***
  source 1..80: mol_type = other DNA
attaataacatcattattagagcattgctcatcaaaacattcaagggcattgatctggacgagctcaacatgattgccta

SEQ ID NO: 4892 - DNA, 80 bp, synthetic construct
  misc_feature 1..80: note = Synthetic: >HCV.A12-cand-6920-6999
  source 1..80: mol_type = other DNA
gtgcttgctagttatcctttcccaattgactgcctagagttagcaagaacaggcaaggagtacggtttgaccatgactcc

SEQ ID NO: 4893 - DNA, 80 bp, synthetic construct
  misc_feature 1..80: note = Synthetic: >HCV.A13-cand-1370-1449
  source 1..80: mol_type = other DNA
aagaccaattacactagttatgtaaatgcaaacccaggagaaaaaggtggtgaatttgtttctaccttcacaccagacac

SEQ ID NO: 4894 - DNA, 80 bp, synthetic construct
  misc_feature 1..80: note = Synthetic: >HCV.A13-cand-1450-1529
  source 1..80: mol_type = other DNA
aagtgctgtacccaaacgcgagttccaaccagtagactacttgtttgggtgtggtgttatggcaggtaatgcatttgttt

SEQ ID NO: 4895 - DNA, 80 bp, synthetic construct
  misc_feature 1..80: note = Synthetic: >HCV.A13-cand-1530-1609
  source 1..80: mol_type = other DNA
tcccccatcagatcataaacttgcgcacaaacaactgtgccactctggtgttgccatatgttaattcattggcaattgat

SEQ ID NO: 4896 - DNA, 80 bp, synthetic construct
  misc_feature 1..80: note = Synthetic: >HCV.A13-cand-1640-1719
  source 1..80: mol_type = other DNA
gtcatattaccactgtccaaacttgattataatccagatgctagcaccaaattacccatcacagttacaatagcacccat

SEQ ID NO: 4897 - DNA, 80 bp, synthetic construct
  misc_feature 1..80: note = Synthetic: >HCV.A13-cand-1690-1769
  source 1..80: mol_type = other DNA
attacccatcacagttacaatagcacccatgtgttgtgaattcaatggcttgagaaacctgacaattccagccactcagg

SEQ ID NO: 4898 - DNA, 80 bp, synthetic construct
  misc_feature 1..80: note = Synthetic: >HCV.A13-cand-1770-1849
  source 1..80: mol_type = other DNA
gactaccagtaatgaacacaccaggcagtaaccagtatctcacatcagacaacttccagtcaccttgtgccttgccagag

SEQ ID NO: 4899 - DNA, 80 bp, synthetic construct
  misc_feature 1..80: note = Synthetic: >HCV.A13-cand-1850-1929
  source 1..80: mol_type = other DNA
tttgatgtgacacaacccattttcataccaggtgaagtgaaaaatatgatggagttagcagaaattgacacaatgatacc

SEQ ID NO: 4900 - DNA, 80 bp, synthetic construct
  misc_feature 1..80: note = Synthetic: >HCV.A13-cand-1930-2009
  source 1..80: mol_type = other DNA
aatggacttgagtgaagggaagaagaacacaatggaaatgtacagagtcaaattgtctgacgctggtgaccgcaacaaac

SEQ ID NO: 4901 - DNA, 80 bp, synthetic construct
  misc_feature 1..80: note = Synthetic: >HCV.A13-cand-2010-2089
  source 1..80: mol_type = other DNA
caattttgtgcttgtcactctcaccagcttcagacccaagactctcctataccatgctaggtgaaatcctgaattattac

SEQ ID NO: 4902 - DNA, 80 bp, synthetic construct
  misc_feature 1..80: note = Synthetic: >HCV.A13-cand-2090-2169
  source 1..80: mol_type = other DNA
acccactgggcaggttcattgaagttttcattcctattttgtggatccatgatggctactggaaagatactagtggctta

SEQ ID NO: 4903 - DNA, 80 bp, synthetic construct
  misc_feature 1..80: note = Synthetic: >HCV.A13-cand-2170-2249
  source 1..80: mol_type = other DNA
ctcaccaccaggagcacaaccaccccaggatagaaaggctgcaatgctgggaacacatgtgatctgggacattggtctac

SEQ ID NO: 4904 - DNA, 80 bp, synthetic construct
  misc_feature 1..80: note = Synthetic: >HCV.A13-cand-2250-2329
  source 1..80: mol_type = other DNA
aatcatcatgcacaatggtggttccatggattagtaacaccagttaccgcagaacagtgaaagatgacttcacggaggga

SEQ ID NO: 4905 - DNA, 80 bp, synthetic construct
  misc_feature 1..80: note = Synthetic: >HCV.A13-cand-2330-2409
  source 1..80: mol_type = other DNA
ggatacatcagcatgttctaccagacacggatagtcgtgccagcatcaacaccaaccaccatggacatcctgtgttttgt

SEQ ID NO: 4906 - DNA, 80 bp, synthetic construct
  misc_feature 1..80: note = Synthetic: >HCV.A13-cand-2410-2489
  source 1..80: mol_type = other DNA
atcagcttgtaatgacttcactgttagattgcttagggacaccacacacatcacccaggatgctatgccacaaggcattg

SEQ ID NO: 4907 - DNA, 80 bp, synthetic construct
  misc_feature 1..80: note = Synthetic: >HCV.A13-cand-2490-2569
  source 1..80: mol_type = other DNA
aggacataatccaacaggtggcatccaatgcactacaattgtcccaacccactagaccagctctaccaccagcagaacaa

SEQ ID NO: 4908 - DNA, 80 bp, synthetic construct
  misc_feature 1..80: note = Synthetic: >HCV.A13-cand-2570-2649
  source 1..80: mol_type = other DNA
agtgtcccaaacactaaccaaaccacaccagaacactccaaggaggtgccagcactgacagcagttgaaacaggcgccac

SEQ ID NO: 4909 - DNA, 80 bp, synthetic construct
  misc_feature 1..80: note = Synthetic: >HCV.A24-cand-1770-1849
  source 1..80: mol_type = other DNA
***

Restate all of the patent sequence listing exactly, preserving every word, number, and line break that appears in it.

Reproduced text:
  source 1..80: mol_type = other DNA
attaataacatcattattagagcattgctcatcaaaacattcaagggcattgatctggacgagctcaacatgattgccta

SEQ ID NO: 4892 - DNA, 80 bp, synthetic construct
  misc_feature 1..80: note = Synthetic: >HCV.A12-cand-6920-6999
  source 1..80: mol_type = other DNA
gtgcttgctagttatcctttcccaattgactgcctagagttagcaagaacaggcaaggagtacggtttgaccatgactcc

SEQ ID NO: 4893 - DNA, 80 bp, synthetic construct
  misc_feature 1..80: note = Synthetic: >HCV.A13-cand-1370-1449
  source 1..80: mol_type = other DNA
aagaccaattacactagttatgtaaatgcaaacccaggagaaaaaggtggtgaatttgtttctaccttcacaccagacac

SEQ ID NO: 4894 - DNA, 80 bp, synthetic construct
  misc_feature 1..80: note = Synthetic: >HCV.A13-cand-1450-1529
  source 1..80: mol_type = other DNA
aagtgctgtacccaaacgcgagttccaaccagtagactacttgtttgggtgtggtgttatggcaggtaatgcatttgttt

SEQ ID NO: 4895 - DNA, 80 bp, synthetic construct
  misc_feature 1..80: note = Synthetic: >HCV.A13-cand-1530-1609
  source 1..80: mol_type = other DNA
tcccccatcagatcataaacttgcgcacaaacaactgtgccactctggtgttgccatatgttaattcattggcaattgat

SEQ ID NO: 4896 - DNA, 80 bp, synthetic construct
  misc_feature 1..80: note = Synthetic: >HCV.A13-cand-1640-1719
  source 1..80: mol_type = other DNA
gtcatattaccactgtccaaacttgattataatccagatgctagcaccaaattacccatcacagttacaatagcacccat

SEQ ID NO: 4897 - DNA, 80 bp, synthetic construct
  misc_feature 1..80: note = Synthetic: >HCV.A13-cand-1690-1769
  source 1..80: mol_type = other DNA
attacccatcacagttacaatagcacccatgtgttgtgaattcaatggcttgagaaacctgacaattccagccactcagg

SEQ ID NO: 4898 - DNA, 80 bp, synthetic construct
  misc_feature 1..80: note = Synthetic: >HCV.A13-cand-1770-1849
  source 1..80: mol_type = other DNA
gactaccagtaatgaacacaccaggcagtaaccagtatctcacatcagacaacttccagtcaccttgtgccttgccagag

SEQ ID NO: 4899 - DNA, 80 bp, synthetic construct
  misc_feature 1..80: note = Synthetic: >HCV.A13-cand-1850-1929
  source 1..80: mol_type = other DNA
tttgatgtgacacaacccattttcataccaggtgaagtgaaaaatatgatggagttagcagaaattgacacaatgatacc

SEQ ID NO: 4900 - DNA, 80 bp, synthetic construct
  misc_feature 1..80: note = Synthetic: >HCV.A13-cand-1930-2009
  source 1..80: mol_type = other DNA
aatggacttgagtgaagggaagaagaacacaatggaaatgtacagagtcaaattgtctgacgctggtgaccgcaacaaac

SEQ ID NO: 4901 - DNA, 80 bp, synthetic construct
  misc_feature 1..80: note = Synthetic: >HCV.A13-cand-2010-2089
  source 1..80: mol_type = other DNA
caattttgtgcttgtcactctcaccagcttcagacccaagactctcctataccatgctaggtgaaatcctgaattattac

SEQ ID NO: 4902 - DNA, 80 bp, synthetic construct
  misc_feature 1..80: note = Synthetic: >HCV.A13-cand-2090-2169
  source 1..80: mol_type = other DNA
acccactgggcaggttcattgaagttttcattcctattttgtggatccatgatggctactggaaagatactagtggctta

SEQ ID NO: 4903 - DNA, 80 bp, synthetic construct
  misc_feature 1..80: note = Synthetic: >HCV.A13-cand-2170-2249
  source 1..80: mol_type = other DNA
ctcaccaccaggagcacaaccaccccaggatagaaaggctgcaatgctgggaacacatgtgatctgggacattggtctac

SEQ ID NO: 4904 - DNA, 80 bp, synthetic construct
  misc_feature 1..80: note = Synthetic: >HCV.A13-cand-2250-2329
  source 1..80: mol_type = other DNA
aatcatcatgcacaatggtggttccatggattagtaacaccagttaccgcagaacagtgaaagatgacttcacggaggga

SEQ ID NO: 4905 - DNA, 80 bp, synthetic construct
  misc_feature 1..80: note = Synthetic: >HCV.A13-cand-2330-2409
  source 1..80: mol_type = other DNA
ggatacatcagcatgttctaccagacacggatagtcgtgccagcatcaacaccaaccaccatggacatcctgtgttttgt

SEQ ID NO: 4906 - DNA, 80 bp, synthetic construct
  misc_feature 1..80: note = Synthetic: >HCV.A13-cand-2410-2489
  source 1..80: mol_type = other DNA
atcagcttgtaatgacttcactgttagattgcttagggacaccacacacatcacccaggatgctatgccacaaggcattg

SEQ ID NO: 4907 - DNA, 80 bp, synthetic construct
  misc_feature 1..80: note = Synthetic: >HCV.A13-cand-2490-2569
  source 1..80: mol_type = other DNA
aggacataatccaacaggtggcatccaatgcactacaattgtcccaacccactagaccagctctaccaccagcagaacaa

SEQ ID NO: 4908 - DNA, 80 bp, synthetic construct
  misc_feature 1..80: note = Synthetic: >HCV.A13-cand-2570-2649
  source 1..80: mol_type = other DNA
agtgtcccaaacactaaccaaaccacaccagaacactccaaggaggtgccagcactgacagcagttgaaacaggcgccac

SEQ ID NO: 4909 - DNA, 80 bp, synthetic construct
  misc_feature 1..80: note = Synthetic: >HCV.A24-cand-1770-1849
  source 1..80: mol_type = other DNA